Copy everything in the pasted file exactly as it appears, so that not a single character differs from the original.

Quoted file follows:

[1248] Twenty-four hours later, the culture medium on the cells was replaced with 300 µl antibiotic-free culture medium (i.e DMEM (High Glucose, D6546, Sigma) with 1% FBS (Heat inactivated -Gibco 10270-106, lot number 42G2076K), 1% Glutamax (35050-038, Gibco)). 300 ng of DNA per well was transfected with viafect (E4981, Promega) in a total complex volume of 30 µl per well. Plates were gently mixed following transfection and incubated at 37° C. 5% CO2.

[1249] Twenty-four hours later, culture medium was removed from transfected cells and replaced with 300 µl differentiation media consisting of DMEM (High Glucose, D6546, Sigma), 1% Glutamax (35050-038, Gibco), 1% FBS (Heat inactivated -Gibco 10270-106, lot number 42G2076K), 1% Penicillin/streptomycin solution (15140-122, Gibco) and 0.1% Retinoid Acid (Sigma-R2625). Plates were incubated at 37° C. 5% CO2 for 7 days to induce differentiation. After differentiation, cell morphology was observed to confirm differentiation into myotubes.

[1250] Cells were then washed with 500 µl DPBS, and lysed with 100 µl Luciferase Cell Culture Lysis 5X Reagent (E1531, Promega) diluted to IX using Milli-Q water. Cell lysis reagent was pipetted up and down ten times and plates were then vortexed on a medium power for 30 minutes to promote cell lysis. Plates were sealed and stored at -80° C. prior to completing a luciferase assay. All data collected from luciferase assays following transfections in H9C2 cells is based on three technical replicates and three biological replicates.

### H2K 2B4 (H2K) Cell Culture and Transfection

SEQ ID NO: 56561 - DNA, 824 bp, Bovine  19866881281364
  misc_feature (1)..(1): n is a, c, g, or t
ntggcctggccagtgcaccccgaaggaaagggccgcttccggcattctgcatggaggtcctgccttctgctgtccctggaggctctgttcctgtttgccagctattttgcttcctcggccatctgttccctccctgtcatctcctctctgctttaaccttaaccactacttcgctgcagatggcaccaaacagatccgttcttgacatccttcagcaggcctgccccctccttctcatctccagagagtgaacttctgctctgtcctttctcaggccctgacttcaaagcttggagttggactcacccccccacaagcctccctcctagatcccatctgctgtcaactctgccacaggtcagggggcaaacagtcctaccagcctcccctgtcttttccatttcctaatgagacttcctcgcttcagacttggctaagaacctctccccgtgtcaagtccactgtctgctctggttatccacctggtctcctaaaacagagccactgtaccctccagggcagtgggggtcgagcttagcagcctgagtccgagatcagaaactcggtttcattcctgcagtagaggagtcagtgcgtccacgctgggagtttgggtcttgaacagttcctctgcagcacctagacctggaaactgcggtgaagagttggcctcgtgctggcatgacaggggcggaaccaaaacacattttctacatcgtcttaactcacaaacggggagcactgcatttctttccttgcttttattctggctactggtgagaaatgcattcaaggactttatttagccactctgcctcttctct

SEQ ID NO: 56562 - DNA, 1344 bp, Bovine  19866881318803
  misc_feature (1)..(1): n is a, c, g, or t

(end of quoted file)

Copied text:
[1248] Twenty-four hours later, the culture medium on the cells was replaced with 300 µl antibiotic-free culture medium (i.e DMEM (High Glucose, D6546, Sigma) with 1% FBS (Heat inactivated -Gibco 10270-106, lot number 42G2076K), 1% Glutamax (35050-038, Gibco)). 300 ng of DNA per well was transfected with viafect (E4981, Promega) in a total complex volume of 30 µl per well. Plates were gently mixed following transfection and incubated at 37° C. 5% CO2.

[1249] Twenty-four hours later, culture medium was removed from transfected cells and replaced with 300 µl differentiation media consisting of DMEM (High Glucose, D6546, Sigma), 1% Glutamax (35050-038, Gibco), 1% FBS (Heat inactivated -Gibco 10270-106, lot number 42G2076K), 1% Penicillin/streptomycin solution (15140-122, Gibco) and 0.1% Retinoid Acid (Sigma-R2625). Plates were incubated at 37° C. 5% CO2 for 7 days to induce differentiation. After differentiation, cell morphology was observed to confirm differentiation into myotubes.

[1250] Cells were then washed with 500 µl DPBS, and lysed with 100 µl Luciferase Cell Culture Lysis 5X Reagent (E1531, Promega) diluted to IX using Milli-Q water. Cell lysis reagent was pipetted up and down ten times and plates were then vortexed on a medium power for 30 minutes to promote cell lysis. Plates were sealed and stored at -80° C. prior to completing a luciferase assay. All data collected from luciferase assays following transfections in H9C2 cells is based on three technical replicates and three biological replicates.

### H2K 2B4 (H2K) Cell Culture and Transfection

SEQ ID NO: 56561 - DNA, 824 bp, Bovine  19866881281364
  misc_feature (1)..(1): n is a, c, g, or t
ntggcctggccagtgcaccccgaaggaaagggccgcttccggcattctgcatggaggtcctgccttctgctgtccctggaggctctgttcctgtttgccagctattttgcttcctcggccatctgttccctccctgtcatctcctctctgctttaaccttaaccactacttcgctgcagatggcaccaaacagatccgttcttgacatccttcagcaggcctgccccctccttctcatctccagagagtgaacttctgctctgtcctttctcaggccctgacttcaaagcttggagttggactcacccccccacaagcctccctcctagatcccatctgctgtcaactctgccacaggtcagggggcaaacagtcctaccagcctcccctgtcttttccatttcctaatgagacttcctcgcttcagacttggctaagaacctctccccgtgtcaagtccactgtctgctctggttatccacctggtctcctaaaacagagccactgtaccctccagggcagtgggggtcgagcttagcagcctgagtccgagatcagaaactcggtttcattcctgcagtagaggagtcagtgcgtccacgctgggagtttgggtcttgaacagttcctctgcagcacctagacctggaaactgcggtgaagagttggcctcgtgctggcatgacaggggcggaaccaaaacacattttctacatcgtcttaactcacaaacggggagcactgcatttctttccttgcttttattctggctactggtgagaaatgcattcaaggactttatttagccactctgcctcttctct

SEQ ID NO: 56562 - DNA, 1344 bp, Bovine  19866881318803
  misc_feature (1)..(1): n is a, c, g, or t